By Whitney Babbitt, Proteus Discovery Group LLC
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The term “Information Governance” (or “iGovernance” as it’s starting to appear) can conjure up images of server rooms, miles of fiber optic cables and all things regulated by binary code. But the truth is, keeping your digital house in order starts and ends with the human touch. A company’s documents and data are managed and manipulated by its personnel. Custodian interviews are a crucial part of tracking data and implementing a healthy information governance strategy, and are key to managing the risks and costs of any real or potential litigation.
Because each case is different, companies cannot blast boilerplate requests to an IT department and expect to catch all the data needed to effectively ready themselves for litigation or investigation. Identifying the proper custodians and conducting thorough and focused live interviews are key to both compliance and cost management.
So, who are we talking about? A custodian is anyone who creates, edits or manages potentially relevant data (whether electronic or otherwise). It’s likely that you will have a general idea of who might have custody of potentially relevant data based on the initial elements and facts of the case of investigation. After collecting those names and analyzing their potential importance to the case, IT personnel, document retention specialists, risk managers and case administrators are the next best source of information to understand where data resides in a company. In addition to those sources, you may need to look at other departments, offices, or companies for potential custodians. The interview is all about discovering what you don’t know, so don’t be afraid to ask who else you should be interviewing.
Before conducting a custodian interview, anyone managing an eDiscovery project should begin setting the parameters of the search. Talk with attorneys or other risk managers to determine who the key players are and what date ranges are of interest for the investigation. From there, identify what data is definitely within the scope of relevance, what is on the border and what is certainly not relevant. As interviews and document reviews are conducted, these buckets will shift, but working through the generalities from the onset will clarify the search and help to control costs.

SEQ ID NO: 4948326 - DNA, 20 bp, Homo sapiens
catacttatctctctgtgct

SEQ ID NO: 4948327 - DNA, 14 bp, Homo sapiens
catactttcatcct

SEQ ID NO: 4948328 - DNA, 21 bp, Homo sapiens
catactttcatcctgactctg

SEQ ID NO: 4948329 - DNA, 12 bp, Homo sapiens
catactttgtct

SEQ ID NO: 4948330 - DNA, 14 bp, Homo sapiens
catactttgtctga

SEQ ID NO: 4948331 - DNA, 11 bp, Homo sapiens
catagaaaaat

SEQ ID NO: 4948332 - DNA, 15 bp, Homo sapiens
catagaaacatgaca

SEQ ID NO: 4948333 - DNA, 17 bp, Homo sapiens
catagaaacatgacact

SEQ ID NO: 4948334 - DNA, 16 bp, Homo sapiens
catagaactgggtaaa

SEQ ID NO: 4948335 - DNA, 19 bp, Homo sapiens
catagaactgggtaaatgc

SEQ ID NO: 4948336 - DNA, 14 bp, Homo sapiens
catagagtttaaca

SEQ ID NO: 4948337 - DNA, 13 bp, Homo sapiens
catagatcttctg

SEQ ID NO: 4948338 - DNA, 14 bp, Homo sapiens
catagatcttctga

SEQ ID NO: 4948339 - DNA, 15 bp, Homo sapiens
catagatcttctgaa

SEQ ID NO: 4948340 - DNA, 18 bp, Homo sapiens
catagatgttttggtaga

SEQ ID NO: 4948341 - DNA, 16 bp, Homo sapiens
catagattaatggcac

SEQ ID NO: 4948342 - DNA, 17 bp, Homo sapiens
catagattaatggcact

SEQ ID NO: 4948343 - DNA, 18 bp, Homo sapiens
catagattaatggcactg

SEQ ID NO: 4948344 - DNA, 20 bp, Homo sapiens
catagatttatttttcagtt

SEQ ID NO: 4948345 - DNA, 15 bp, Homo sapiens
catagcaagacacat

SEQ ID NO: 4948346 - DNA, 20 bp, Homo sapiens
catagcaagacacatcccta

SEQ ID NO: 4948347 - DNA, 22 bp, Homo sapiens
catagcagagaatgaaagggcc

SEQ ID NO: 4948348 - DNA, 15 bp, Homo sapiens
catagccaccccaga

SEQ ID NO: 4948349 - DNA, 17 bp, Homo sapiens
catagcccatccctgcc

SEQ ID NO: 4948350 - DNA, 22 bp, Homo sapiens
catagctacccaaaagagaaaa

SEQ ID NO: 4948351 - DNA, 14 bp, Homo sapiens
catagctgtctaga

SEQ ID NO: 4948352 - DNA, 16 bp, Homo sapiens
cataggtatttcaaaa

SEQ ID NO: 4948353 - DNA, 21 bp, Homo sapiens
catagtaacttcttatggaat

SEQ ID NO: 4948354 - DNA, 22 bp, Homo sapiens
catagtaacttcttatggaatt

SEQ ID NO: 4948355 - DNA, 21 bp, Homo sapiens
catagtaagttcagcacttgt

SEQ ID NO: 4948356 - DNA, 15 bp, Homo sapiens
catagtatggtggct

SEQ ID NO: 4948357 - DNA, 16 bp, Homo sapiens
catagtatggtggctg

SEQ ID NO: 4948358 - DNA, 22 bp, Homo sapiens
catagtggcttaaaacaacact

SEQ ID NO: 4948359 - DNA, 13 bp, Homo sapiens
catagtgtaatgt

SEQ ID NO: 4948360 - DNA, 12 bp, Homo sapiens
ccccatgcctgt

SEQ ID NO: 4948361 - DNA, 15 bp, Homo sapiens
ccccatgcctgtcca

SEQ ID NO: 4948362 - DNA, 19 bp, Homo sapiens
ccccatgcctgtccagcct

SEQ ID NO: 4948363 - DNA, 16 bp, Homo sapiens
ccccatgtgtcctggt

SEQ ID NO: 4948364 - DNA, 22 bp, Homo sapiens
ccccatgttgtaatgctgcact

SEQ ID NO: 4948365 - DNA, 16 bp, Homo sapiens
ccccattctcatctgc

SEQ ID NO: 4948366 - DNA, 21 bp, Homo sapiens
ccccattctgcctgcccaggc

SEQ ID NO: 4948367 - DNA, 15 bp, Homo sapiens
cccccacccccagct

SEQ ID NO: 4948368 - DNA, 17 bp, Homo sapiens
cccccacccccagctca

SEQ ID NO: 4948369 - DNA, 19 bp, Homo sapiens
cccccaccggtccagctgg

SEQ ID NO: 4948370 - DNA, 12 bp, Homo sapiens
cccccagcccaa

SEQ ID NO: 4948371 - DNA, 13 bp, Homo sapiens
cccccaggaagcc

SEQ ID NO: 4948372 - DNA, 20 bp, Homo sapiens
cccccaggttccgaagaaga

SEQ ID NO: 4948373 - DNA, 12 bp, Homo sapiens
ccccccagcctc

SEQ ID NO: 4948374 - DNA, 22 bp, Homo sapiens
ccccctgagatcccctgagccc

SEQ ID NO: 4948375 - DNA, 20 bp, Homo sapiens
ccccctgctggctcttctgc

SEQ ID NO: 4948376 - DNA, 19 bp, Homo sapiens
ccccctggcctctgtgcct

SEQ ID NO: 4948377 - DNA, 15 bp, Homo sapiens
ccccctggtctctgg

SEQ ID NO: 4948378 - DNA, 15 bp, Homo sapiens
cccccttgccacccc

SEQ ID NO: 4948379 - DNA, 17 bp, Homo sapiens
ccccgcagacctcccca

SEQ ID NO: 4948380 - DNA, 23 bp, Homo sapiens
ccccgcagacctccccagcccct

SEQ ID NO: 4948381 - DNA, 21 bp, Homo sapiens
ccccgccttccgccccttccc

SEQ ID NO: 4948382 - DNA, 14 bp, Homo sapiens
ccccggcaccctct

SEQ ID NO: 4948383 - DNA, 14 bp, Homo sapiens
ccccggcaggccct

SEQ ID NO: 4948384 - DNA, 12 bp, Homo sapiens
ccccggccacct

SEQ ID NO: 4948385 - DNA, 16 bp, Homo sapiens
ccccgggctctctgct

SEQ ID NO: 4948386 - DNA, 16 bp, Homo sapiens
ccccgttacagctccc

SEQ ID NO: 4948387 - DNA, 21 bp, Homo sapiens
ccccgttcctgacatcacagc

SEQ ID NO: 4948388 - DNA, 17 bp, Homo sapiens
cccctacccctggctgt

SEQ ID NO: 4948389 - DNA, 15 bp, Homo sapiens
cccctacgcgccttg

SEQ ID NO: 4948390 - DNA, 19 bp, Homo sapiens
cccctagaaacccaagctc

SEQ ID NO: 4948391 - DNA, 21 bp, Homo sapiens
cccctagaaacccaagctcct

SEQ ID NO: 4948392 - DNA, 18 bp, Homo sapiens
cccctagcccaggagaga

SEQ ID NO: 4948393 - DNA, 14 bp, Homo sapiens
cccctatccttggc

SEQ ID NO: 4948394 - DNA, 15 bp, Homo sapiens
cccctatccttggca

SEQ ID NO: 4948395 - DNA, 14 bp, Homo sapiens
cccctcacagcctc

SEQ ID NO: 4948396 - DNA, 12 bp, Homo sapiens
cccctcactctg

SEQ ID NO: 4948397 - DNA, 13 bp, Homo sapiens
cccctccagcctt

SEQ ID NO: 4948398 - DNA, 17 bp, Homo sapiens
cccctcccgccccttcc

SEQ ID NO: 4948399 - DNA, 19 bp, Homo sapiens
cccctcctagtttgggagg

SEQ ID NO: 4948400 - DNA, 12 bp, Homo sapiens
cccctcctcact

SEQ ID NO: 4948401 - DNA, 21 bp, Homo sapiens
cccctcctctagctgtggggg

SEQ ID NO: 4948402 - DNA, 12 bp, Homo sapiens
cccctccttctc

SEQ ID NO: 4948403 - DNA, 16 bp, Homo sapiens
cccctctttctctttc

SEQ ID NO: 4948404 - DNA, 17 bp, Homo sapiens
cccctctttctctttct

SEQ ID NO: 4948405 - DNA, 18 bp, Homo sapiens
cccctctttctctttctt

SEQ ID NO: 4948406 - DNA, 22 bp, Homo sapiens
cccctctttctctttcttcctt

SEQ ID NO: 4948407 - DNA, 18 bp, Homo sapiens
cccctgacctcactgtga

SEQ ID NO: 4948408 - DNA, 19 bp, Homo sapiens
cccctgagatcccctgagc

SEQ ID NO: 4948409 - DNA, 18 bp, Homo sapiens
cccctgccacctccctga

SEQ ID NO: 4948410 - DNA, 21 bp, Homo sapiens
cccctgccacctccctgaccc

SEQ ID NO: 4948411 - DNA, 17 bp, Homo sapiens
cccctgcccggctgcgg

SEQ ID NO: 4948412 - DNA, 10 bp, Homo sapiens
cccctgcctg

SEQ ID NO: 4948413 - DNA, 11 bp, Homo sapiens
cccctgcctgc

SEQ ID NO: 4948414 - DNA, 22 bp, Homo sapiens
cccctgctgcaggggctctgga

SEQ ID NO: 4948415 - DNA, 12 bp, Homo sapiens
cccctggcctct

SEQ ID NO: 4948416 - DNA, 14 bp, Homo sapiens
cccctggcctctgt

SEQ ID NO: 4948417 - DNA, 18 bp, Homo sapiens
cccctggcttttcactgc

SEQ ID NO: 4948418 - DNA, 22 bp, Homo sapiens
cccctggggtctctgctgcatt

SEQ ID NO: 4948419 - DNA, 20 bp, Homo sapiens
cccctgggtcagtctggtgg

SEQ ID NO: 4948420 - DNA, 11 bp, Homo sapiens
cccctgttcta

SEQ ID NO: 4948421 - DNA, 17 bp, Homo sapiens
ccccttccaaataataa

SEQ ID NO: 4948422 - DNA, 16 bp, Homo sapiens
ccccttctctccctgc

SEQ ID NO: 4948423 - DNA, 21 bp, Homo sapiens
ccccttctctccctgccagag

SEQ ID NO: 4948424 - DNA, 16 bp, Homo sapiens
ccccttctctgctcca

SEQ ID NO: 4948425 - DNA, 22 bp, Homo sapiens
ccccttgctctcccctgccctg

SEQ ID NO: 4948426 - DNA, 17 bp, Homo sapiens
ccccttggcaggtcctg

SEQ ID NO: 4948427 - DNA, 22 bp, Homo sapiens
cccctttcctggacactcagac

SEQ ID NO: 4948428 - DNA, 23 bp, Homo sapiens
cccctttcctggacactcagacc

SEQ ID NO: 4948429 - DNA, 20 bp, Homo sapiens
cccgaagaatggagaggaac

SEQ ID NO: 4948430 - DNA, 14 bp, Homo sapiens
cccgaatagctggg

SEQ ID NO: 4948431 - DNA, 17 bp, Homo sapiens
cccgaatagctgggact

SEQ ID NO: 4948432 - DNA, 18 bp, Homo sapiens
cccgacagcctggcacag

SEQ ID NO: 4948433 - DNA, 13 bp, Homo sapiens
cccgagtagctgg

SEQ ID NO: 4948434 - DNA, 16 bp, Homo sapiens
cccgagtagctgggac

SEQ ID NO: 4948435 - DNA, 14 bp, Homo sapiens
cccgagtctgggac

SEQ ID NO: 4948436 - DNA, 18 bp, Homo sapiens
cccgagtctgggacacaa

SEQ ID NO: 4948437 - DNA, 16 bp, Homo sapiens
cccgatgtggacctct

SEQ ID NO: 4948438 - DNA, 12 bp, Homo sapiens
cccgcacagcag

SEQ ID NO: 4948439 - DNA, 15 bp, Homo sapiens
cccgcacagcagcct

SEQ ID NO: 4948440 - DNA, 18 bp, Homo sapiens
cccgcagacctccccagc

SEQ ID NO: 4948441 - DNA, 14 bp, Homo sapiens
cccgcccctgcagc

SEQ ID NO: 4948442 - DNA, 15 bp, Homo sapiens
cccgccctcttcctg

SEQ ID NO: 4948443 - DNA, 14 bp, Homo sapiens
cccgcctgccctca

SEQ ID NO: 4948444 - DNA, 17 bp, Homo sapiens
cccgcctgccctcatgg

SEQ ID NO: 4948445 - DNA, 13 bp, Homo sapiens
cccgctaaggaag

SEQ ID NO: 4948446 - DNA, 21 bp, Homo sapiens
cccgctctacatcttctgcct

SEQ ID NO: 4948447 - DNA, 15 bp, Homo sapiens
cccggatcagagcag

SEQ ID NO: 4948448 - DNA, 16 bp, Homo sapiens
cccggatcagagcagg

When it comes to sitting down with custodians, the goal is to identify what bodies of data are relevant to your case and to understand how, when, and by whom that information was manipulated. Start broad and narrow as you go. Interview templates can be an effective tool as long as they don’t become the end-all be-all. While the facts, company and custodians are unique from case to case, any eDiscovery project requires the answers to specific questions regarding business systems, document storage and retention, IT infrastructure and workflow. Drill down on how data is stored (locally or in the cloud?), how it is used (what software is implemented? How many devices do custodians access ESI from?) and how it is governed (Is there a document retention policy? Is it enforced?).
Once you’ve gathered the logistical information from your custodians, take the time to understand how they work and communicate. Not only will this build the relationship (you never know when you’ll need help down the line), but it may also shed light on avenues or applications you haven’t considered. Think about social media platforms, chat applications, or personal devices that may house relevant data. Are there former employees that you may need to talk to or make sure their data has been retained? The human touch of the custodian interview can unveil these paths to you early in the process.
And while you’re at it, ask “stupid” questions. Just because a custodian frequently uses an acronym, that doesn’t mean the acronym is used uniformly across the company. Don’t let your pride prevent you from clearly understanding what your custodian is saying. In a similar vein, it’s important that you verify the information you collect through custodian interviews. An IT department employee may swear that document retention protocols are strictly followed, but without fail some employees find a way around the policy and hoard documents that must be collected. Making blind assumptions about data storage and maintenance could put you or your client at risk of missing potentially relevant data.
How does spending all this time in personal interviews save money in the end? When it comes to eDiscovery, it’s always easier to get ahead of an issue before it turns into a full-blown crisis. All the technology and automated processes in the world are no replacement for having human conversations with data custodians. Speaking to the people involved will help narrow the relevance scope early in the process, identify redundancies, shed light on data pitfalls, and avoid missteps when deadlines are fast approaching.
Whitney Babbitt is the Operations Manager for Proteus Discovery Group and a Certified Registered Paralegal. The opinions expressed are those of the author.